GameCube Controller Stamps Guide

There is a stamp on the back of the shell, under the C-stick. There are a few variations for this stamp, and it’s a great tool to identify what kind of internals it has.

Blank: This is found on the controllers made with T1 internals. It can be found on the Indigo, Jet Black, Spice Orange, Indigo/Clear (rarely), and on the Panasonic Q SH-TGC10 as seen here.

DOL-003 is the model number for the GameCube controller.

This stamp was used from the launch of the GameCube up to around the launch of the GameCube in Europe on May 3rd 2002.


CE: This is mostly found on controllers with T2 internals, but can also be T1 for the Indigo, Jet Black, Spice Orange and Indigo/Clear. Even though the Indigo/Clear is almost solely T1 in the US and Japan, it almost always has the CE stamp.

CE stands for “Conformité Européenne” (European Conformity), and is a certification mark that indicates that the product follow European conformity guidelines.

This stamp was used from around May 3rd 2002 up to 2003, where Nintendo stopped production for the first 9 months of 2003.


CE•: This is found on almost all the variants, except for the Panasonic Q SH-TGC10. It is solely T3 internals. The Indigo/Clear was made as a T3, but only in Europe.

This stamp was used from around September 24th 2003 up to the demise of the White GameCube controller sometime in 2014.


•: This is found on Indigo and Jet Black controllers. T3 only.

Since there is no CE marking, I assume it wasn’t certified for the European market yet, so most likely early production after the 9 month production hiatus in 2003.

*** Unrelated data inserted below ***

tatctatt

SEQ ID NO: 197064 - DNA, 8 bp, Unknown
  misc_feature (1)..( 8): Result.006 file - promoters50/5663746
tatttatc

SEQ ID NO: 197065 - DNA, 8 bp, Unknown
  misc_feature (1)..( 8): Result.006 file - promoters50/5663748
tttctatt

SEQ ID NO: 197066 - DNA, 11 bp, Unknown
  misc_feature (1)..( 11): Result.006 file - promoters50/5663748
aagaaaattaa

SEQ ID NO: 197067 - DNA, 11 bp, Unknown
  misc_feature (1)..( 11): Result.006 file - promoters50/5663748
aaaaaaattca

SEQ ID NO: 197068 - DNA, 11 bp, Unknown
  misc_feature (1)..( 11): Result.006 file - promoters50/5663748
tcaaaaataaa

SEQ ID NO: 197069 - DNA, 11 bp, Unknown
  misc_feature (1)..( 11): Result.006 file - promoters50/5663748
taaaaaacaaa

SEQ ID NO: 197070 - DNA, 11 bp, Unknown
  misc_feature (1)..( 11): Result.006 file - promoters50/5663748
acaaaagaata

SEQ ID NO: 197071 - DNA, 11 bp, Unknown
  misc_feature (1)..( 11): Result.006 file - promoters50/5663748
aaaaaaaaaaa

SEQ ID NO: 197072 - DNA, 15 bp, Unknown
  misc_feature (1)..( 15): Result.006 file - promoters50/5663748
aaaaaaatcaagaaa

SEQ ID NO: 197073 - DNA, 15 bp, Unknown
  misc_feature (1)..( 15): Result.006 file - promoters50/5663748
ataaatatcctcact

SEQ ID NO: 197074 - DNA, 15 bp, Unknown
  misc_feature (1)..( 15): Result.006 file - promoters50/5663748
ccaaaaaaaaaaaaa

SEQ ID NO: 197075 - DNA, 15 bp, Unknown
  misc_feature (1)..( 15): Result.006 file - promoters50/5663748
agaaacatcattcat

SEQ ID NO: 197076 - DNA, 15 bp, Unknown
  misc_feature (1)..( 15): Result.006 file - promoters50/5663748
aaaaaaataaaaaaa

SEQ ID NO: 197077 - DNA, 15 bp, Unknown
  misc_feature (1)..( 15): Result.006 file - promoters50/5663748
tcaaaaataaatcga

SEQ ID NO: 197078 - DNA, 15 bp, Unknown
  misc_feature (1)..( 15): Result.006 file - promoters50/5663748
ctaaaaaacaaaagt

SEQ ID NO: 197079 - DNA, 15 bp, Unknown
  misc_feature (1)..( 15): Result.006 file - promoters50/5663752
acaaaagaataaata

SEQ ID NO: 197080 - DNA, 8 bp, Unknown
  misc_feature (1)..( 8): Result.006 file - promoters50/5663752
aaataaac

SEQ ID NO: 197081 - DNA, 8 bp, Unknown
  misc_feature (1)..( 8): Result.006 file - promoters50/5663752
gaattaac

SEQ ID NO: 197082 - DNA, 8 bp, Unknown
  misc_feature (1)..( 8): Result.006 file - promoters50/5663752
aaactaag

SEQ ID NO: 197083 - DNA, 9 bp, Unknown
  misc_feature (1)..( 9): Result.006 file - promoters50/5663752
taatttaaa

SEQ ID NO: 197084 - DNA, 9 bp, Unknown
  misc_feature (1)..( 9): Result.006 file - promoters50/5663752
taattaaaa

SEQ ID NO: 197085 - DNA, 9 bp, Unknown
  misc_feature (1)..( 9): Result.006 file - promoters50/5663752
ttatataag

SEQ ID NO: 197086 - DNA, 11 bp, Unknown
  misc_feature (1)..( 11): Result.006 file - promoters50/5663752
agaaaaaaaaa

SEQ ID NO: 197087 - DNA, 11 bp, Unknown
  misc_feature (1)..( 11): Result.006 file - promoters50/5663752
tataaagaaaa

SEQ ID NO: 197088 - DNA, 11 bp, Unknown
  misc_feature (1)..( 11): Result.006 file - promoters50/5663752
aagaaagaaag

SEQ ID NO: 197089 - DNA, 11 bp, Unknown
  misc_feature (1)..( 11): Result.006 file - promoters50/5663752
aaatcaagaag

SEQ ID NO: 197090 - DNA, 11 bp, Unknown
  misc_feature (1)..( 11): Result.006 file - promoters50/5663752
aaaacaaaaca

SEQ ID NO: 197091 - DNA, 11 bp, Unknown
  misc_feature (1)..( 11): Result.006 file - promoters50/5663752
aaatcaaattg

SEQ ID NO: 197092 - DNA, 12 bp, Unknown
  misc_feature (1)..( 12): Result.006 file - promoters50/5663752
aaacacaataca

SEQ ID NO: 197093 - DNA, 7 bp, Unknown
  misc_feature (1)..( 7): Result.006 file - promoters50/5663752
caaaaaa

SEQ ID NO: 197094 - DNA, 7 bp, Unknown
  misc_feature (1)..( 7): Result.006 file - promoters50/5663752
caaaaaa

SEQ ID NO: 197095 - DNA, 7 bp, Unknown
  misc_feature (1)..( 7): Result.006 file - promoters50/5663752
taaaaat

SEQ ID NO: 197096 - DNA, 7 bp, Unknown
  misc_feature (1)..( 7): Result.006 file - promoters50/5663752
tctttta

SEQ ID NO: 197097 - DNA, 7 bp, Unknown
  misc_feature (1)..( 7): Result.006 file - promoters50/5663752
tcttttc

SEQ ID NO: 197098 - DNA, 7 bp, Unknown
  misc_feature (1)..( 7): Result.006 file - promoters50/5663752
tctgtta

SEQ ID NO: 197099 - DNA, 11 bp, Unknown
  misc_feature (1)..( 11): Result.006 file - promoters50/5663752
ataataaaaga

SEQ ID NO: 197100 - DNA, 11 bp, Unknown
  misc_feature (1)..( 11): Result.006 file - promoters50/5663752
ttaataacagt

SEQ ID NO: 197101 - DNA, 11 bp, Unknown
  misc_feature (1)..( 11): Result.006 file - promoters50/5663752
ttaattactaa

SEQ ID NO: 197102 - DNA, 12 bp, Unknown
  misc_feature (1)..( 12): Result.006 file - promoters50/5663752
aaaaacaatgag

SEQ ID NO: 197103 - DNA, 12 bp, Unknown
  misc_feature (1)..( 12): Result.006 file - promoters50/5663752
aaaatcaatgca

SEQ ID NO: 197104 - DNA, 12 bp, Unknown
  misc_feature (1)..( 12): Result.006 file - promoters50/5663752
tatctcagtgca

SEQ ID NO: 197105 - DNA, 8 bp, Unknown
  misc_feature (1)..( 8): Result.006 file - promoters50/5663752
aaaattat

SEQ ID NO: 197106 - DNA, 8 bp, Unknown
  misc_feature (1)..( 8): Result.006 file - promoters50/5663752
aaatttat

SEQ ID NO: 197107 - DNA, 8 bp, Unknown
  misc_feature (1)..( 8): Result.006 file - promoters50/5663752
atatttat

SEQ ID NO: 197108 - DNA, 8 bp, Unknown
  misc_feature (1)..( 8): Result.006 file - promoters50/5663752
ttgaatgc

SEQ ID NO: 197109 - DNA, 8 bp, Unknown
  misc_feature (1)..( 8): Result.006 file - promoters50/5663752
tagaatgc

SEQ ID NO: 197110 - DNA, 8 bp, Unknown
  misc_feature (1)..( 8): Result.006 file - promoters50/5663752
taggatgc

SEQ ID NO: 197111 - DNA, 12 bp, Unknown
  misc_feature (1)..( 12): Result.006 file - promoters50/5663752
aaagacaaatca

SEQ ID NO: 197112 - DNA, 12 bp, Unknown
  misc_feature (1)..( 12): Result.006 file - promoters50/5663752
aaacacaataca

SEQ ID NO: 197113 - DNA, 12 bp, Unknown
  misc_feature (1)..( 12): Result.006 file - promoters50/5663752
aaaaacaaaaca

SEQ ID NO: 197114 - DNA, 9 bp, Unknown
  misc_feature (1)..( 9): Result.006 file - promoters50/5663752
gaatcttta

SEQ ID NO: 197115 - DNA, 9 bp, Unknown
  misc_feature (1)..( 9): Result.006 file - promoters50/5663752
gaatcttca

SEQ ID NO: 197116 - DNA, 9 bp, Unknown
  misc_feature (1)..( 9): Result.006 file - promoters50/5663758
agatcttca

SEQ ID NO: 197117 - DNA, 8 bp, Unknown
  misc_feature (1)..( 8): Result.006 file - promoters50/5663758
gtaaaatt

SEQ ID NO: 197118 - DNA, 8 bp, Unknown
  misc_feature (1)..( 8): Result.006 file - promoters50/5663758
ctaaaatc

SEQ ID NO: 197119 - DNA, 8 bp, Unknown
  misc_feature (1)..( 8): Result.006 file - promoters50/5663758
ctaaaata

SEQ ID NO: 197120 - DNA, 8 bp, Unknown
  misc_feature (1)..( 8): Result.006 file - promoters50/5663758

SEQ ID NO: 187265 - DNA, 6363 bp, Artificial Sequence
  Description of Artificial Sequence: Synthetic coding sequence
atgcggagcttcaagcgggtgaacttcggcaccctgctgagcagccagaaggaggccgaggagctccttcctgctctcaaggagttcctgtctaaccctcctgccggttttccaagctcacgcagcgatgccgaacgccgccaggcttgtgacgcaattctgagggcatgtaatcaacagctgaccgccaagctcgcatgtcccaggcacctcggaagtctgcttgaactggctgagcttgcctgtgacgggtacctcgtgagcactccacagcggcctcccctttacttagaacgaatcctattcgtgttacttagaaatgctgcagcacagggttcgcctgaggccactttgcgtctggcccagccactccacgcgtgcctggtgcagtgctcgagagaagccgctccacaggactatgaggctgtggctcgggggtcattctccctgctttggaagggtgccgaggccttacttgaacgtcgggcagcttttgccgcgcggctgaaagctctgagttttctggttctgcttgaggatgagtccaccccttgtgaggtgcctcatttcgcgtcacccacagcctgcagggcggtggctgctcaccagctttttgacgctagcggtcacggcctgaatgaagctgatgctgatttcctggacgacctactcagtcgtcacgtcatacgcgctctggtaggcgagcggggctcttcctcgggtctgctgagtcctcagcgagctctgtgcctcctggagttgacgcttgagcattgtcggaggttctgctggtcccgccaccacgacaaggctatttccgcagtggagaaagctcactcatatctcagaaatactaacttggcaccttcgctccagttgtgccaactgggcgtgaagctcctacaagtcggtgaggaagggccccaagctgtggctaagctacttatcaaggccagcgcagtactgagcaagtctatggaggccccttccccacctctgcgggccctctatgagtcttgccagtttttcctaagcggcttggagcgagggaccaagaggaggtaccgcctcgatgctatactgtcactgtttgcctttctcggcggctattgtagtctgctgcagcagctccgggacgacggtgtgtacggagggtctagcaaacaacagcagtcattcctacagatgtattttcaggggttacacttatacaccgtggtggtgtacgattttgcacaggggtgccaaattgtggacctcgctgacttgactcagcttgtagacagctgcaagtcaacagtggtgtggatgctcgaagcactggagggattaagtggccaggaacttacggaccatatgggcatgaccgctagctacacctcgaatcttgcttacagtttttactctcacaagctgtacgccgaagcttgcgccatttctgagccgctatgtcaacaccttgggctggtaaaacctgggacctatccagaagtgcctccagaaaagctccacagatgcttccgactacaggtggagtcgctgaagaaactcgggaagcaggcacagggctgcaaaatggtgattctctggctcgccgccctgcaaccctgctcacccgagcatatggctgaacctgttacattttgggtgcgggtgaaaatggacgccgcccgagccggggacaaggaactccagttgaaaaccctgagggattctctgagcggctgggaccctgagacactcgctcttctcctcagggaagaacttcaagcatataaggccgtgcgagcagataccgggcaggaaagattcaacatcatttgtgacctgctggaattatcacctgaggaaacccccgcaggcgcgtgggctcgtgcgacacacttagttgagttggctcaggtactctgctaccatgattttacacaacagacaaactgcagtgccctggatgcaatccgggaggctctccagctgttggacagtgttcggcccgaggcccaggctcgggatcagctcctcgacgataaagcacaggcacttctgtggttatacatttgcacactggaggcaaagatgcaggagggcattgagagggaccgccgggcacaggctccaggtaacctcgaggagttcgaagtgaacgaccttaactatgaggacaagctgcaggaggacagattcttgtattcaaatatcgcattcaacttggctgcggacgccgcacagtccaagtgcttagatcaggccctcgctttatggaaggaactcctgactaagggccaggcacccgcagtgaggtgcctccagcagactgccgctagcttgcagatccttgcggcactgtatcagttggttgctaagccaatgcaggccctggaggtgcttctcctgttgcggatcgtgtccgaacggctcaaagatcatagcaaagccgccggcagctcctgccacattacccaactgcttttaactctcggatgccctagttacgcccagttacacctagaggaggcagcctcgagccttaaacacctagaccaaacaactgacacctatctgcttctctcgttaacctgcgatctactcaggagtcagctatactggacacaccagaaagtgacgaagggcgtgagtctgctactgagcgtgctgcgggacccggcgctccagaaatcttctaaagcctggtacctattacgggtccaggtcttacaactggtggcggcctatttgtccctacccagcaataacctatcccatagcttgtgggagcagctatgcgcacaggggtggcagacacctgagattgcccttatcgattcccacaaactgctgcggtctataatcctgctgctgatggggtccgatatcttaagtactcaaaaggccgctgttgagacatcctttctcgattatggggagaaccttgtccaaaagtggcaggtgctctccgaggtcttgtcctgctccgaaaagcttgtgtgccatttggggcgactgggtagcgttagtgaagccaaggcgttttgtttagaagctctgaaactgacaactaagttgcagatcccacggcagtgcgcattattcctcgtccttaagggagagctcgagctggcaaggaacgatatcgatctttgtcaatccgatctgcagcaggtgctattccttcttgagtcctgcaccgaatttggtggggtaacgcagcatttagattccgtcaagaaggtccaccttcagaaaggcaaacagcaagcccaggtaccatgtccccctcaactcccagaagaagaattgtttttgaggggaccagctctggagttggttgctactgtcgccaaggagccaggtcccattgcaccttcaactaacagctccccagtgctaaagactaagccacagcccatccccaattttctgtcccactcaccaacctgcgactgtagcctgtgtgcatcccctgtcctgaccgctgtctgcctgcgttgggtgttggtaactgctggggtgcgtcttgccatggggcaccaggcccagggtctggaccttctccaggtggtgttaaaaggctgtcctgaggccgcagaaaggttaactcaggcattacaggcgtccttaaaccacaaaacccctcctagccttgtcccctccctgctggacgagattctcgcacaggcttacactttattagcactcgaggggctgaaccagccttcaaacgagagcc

CE• Made in Japan: Found exclusively on the Indigo and Jet Black controllers, T3 only.

I assume the production of the GameCube and its accessories was briefly brought back to Japan after the 9 month hiatus in 2003. As far as I know those are solely found in Japan.


• Made in Japan: Found exclusively on the Indigo and Jet Black controllers, T3 only.

Same as above, but since there is no CE marking, I assume it wasn’t certified for the European market yet, so most likely early production after the 9 month production hiatus in 2003.


Trash Can: From the Smash 4 controllers onward.

It was also present on a few White controllers from 2008, which means it was probably intended to be sold on the international market, either early or late into its production.

The trash can and black line symbol, called the “Waste Electrical and Electronic Equipment Directive” (WEEED) is a set of directives from Europe that sets recycling targets for electronics. It is required on electronics distributed in Europe, and the black line means that the product was put on the market after 2005.

Controllers sold after 2005 in Europe had to have this sticker on the cord, as the stamp wasn’t updated yet for the European regulations.

The triangle with a check mark (Regulatory Compliance Mark), simply means that the product is safe to use and is required on electronics in Australia.

The VCCI mark (Voluntary Control Council for Interference by Information Technology Equipment) is a Japanese set of regulations on electromagnetic interference, and is required on electronics in Japan.


DOL-002 (BRA): A simple sticker put over the original stamp that says “DOL-002 (BRA)” instead of DOL-003.

Nintendo had a partnership with Gradiente to produce GameCube parts for the Brazilian market. Not much is known, I’ll update once I get my hands on one.

Thanks to Mateus Lacerda for the picture!